May 23, 2024


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How to Show Windows 10’s Hidden Floating Performance Panels

How to Show Windows 10’s Hidden Floating Performance Panels

Xbox Game Bar and Task Manager CPU performance graphs.

Want to see live-updating resource usage stats from your system’s CPU, memory, disk, network, or GPU? Windows 10 has some hidden built-in perfomance monitors that can help. You can even have Windows show always-on-top FPS.

There are two ways to do this: You can use the Task Manager or the Xbox Game Bar overlay. Both tools have some easy-to-miss performance panels that can be broken out of the tool itself and will appear as a small, always-on-top floating overlay on top of your other running applications. We’ll show both methods.

Activate the Task Manager’s Performance Window

Windows 10’s Task Manager is packed with performance stats that were added all the way back in Windows 8. You can break these out of the Task Manager window itself.

To find them, open the Task Manager by pressing Ctrl+Shift+Esc or right-clicking the taskbar and selecting “Task Manager.”

Opening the Task Manager from the taskbar.

Click Options > Always on Top if you want the overlay window to appear always on top of your other application windows.

Enabling "Always on top" mode in the Task Manager.

Click the “Performance” tab at the top of the window. If you don’t see it, click “More Details” at the bottom first.

Choose the performance graph you want to see in the sidebar. You’ll see options for your computer’s CPUs, memory, storage devices (including SSDs, hard disks, and USB devices), network connections (wired Ethernet and Wi-Fi), and GPUs (graphics processors.)

To show just a performance graph, double-click anywhere on a graph in the right pane. You can also right-click a graph and select “Graph Summary View.”

Activating a floating CPU usage window in the Task Manager.

You can resize this smaller window and also click-and-drag anywhere inside it to position it wherever you like on your desktop.

A floating CPU usage graph created by the Task Manager on Windows 10.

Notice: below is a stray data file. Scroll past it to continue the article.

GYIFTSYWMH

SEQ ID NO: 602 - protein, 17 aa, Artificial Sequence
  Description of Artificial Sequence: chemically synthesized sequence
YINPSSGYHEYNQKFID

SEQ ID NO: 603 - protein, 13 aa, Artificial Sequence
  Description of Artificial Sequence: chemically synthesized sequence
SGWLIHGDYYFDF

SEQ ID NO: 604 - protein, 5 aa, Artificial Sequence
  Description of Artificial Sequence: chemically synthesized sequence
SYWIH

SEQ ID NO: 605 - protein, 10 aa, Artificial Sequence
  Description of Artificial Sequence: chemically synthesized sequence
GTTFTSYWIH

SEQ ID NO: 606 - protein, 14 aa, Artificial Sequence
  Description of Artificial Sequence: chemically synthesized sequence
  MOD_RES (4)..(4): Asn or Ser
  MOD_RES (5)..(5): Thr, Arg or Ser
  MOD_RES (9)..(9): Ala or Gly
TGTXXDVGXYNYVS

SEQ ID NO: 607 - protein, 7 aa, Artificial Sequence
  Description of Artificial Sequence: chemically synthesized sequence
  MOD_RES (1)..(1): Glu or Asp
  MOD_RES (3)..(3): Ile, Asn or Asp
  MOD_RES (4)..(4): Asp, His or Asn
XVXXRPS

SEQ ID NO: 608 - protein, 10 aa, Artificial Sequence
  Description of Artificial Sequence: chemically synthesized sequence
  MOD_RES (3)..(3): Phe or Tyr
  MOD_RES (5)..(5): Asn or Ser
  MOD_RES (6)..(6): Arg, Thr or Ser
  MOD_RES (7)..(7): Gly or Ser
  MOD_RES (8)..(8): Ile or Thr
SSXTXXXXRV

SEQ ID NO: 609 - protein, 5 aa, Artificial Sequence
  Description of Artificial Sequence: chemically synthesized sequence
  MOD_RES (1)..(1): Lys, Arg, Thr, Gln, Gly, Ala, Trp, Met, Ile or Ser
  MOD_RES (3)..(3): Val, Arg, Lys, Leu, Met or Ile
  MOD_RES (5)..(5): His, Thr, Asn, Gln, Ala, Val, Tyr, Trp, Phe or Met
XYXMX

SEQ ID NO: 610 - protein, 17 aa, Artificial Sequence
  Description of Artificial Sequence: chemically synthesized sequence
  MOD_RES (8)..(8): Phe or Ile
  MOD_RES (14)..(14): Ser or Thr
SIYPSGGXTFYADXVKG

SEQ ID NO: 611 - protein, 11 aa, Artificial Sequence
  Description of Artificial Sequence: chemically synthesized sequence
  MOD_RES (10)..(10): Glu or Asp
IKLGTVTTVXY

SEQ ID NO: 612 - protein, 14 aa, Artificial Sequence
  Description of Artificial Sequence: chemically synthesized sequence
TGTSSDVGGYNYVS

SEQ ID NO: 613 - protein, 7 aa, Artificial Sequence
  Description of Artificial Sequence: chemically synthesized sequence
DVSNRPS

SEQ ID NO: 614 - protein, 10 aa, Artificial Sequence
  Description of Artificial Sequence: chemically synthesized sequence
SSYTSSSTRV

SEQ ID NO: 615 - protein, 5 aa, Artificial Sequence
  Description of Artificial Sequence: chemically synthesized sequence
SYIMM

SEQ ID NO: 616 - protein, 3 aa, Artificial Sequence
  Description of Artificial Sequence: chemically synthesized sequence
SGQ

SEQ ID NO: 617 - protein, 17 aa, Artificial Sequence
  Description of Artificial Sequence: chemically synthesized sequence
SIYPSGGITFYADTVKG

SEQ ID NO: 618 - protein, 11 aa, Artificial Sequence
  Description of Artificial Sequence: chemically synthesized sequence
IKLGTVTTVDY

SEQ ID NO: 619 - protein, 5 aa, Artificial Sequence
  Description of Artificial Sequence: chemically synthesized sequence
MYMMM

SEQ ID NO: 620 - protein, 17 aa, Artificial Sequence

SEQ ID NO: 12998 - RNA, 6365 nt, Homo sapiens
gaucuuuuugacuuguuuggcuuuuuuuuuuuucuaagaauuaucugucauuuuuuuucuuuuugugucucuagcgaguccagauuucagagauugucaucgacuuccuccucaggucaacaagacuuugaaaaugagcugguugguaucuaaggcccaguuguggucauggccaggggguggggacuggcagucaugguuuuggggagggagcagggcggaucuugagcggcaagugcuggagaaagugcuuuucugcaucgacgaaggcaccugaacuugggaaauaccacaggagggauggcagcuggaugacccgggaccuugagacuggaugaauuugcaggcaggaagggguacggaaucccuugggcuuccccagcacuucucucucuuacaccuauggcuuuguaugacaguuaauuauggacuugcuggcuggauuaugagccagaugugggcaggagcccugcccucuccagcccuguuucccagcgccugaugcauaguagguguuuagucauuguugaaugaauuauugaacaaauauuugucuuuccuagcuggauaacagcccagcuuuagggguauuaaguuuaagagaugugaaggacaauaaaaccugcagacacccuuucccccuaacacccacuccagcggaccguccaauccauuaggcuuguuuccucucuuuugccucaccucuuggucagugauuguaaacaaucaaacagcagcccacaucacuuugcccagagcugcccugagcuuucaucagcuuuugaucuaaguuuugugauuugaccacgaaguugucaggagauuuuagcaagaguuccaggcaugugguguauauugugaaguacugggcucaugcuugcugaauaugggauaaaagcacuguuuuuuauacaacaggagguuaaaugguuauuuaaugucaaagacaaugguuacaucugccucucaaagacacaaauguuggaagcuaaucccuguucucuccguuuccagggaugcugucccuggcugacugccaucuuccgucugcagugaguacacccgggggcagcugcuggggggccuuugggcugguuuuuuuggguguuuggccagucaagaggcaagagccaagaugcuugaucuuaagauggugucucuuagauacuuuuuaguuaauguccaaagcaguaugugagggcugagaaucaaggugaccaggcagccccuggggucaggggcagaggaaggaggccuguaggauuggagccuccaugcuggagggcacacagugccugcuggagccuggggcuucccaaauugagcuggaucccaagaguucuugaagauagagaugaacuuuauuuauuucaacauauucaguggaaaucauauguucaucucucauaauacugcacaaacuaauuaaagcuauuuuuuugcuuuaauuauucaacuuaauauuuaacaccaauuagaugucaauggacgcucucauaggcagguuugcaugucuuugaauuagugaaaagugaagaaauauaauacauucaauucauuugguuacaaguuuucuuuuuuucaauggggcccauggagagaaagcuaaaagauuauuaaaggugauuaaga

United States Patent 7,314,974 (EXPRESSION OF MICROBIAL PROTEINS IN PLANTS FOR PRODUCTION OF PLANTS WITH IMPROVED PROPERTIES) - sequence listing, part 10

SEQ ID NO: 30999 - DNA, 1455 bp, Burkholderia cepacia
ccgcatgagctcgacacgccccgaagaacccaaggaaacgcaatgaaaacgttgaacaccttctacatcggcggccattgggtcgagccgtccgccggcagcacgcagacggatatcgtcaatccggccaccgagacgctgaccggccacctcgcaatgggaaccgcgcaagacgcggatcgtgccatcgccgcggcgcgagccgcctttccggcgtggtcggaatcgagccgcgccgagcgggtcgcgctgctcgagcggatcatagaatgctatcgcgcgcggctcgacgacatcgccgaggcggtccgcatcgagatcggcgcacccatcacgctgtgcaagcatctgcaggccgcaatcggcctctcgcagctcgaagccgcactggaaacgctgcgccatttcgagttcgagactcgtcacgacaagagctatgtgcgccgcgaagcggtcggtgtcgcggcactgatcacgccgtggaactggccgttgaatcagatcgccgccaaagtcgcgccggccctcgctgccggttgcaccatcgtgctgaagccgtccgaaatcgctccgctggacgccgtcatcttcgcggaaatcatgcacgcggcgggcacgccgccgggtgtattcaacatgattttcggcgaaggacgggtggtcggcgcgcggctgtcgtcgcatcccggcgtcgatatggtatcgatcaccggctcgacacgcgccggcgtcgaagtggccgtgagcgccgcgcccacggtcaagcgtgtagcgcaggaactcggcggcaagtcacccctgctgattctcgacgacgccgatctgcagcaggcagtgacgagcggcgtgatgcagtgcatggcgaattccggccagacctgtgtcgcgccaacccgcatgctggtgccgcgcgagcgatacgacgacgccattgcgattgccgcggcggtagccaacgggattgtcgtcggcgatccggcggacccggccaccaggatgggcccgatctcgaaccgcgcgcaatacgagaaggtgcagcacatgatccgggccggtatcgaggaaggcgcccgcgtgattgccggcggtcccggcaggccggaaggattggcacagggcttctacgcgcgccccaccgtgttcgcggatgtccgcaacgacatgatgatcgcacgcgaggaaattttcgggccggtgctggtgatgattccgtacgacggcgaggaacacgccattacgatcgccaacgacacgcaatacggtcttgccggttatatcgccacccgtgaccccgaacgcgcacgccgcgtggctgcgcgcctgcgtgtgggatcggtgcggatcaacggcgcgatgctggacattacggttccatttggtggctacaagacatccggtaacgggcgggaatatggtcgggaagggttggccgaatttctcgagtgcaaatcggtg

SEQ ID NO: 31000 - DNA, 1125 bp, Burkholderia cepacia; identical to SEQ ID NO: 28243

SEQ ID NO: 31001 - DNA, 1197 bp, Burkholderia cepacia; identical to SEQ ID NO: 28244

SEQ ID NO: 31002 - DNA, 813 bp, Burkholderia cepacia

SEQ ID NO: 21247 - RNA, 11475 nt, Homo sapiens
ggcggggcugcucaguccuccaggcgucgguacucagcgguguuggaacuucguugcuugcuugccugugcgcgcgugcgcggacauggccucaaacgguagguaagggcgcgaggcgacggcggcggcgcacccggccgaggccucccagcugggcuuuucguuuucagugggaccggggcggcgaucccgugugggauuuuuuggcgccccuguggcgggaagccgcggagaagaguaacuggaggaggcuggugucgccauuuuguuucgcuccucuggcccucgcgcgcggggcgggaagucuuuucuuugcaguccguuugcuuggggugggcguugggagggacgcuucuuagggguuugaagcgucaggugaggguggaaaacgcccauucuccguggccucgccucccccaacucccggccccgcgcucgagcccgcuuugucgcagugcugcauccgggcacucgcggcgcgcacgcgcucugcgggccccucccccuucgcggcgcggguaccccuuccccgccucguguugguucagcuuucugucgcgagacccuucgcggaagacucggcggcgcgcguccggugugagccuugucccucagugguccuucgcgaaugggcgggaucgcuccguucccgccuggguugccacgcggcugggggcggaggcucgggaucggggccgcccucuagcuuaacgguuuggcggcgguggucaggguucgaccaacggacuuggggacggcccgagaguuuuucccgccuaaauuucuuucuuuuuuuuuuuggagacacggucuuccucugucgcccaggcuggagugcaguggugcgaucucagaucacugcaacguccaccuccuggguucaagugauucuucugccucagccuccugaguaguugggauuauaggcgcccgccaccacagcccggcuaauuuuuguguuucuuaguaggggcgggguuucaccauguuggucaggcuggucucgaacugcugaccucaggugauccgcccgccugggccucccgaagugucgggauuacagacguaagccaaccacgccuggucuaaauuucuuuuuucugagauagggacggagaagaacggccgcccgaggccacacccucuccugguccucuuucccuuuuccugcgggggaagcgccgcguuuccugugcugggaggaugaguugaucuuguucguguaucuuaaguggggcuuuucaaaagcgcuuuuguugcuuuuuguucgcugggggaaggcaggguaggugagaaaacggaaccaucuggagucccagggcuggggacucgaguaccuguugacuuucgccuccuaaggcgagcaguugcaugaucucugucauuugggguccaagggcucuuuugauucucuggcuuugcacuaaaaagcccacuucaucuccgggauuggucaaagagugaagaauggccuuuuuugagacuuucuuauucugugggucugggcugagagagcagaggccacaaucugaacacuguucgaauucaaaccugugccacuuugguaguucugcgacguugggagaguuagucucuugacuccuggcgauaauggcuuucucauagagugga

To enlarge the Task Manager window again, just double-click inside it or right-click and uncheck “Graph Summary View.”

So, if you want to change the graph to another one—for example, to change from CPU to GPU usage statistics—double-click the graph window, select a different graph in the sidebar, and doube-click the graph again.

By the way, you can also double-click anywhere the left pane to see the left pane in a smaller floating window. It’s a good way to keep an eye on multiple resource stats at once.

RELATED: Windows Task Manager: The Complete Guide

Pin the Game Bar’s Performance Panel to Your Screen

Windows 10’s Game Bar is a built-in overlay with all kinds of useful tools for gamers (and non-gamers,) including a performance usage graph. This floating window is normally found in the Game Bar overlay itself. However, you can “pin” it to your desktop and make it appear over all other windows—desktop applications and PC games alike.

To find it, open the Xbox Game Bar overlay by pressing Windows+G.

If the Game Bar doesn’t appear, head to Settings > Gaming > Xbox Game Bar. Ensure the Game Bar is enabled and check its keyboard shortcut here. You may have disabled the Game Bar or selected a custom keyboard shortcut to open it in the past.

The Settings > Gaming > Xbox Game Bar window.

Locate the “Performance” window, which is near the bottom left corner of the Game Bar overlay screen by default. If you don’t see it, click the “Performance” button on the Game Bar menu at the top of the screen to show it.

Finding the Performance pane in Windows 10's Game Bar.

Click the “Pin” button above the little Performance window.

It will now appear even when you close the Game Bar interface. Click anywhere in the background of the overlay or press Windows+G again to close the Xbox Game Bar overlay.

Pinning the Game Bar's Performance window.

You can mouse-over the Performance window and click the arrow to enlarge the window (showing the graph) or shrink it (showing just the resource usage stats at the side of the window.)

You can also click an option at the left side of the pane—CPU, GPU, RAM, or FPS—to show that graph. To get started viewing FPS stats, click the “FPS” option and follow the instructions in the window. It will tell you to click a “Request Access” button and then restart your PC.

A floating Performance window from Windows 10's Game Bar on the desktop.

For further customization, open the Game Bar interface once again by pressing Windows+G. Here, you can drag the window’s title bar around to position it on your screen. You can only move the floating window from the Game Bar overlay.

You can also click the “Performance Options” settings button at the top of the Performance window in the overlay for more settings. It’s located to the left of the “Pin” button.

Here, you can control the accent color (green by default,) make the overlay have a transparent background, choose which metrics (CPU, GPU, RAM, and FPS) are displayed, and choose which side of the window the graph appears on.

If you’re showing the performance graph above a full-screen game , you might want to enable the transparency for better integration into your game’s interface.

Controlling the Game Bar's Performance options.

To hide the window, open the Game Bar interface once again (Windows+G) and click the pin icon over the Performance window. It’ll be unpinned and it will only be visible when you open the Game Bar interface.

RELATED: 6 Great Features in Windows 10’s New Game Bar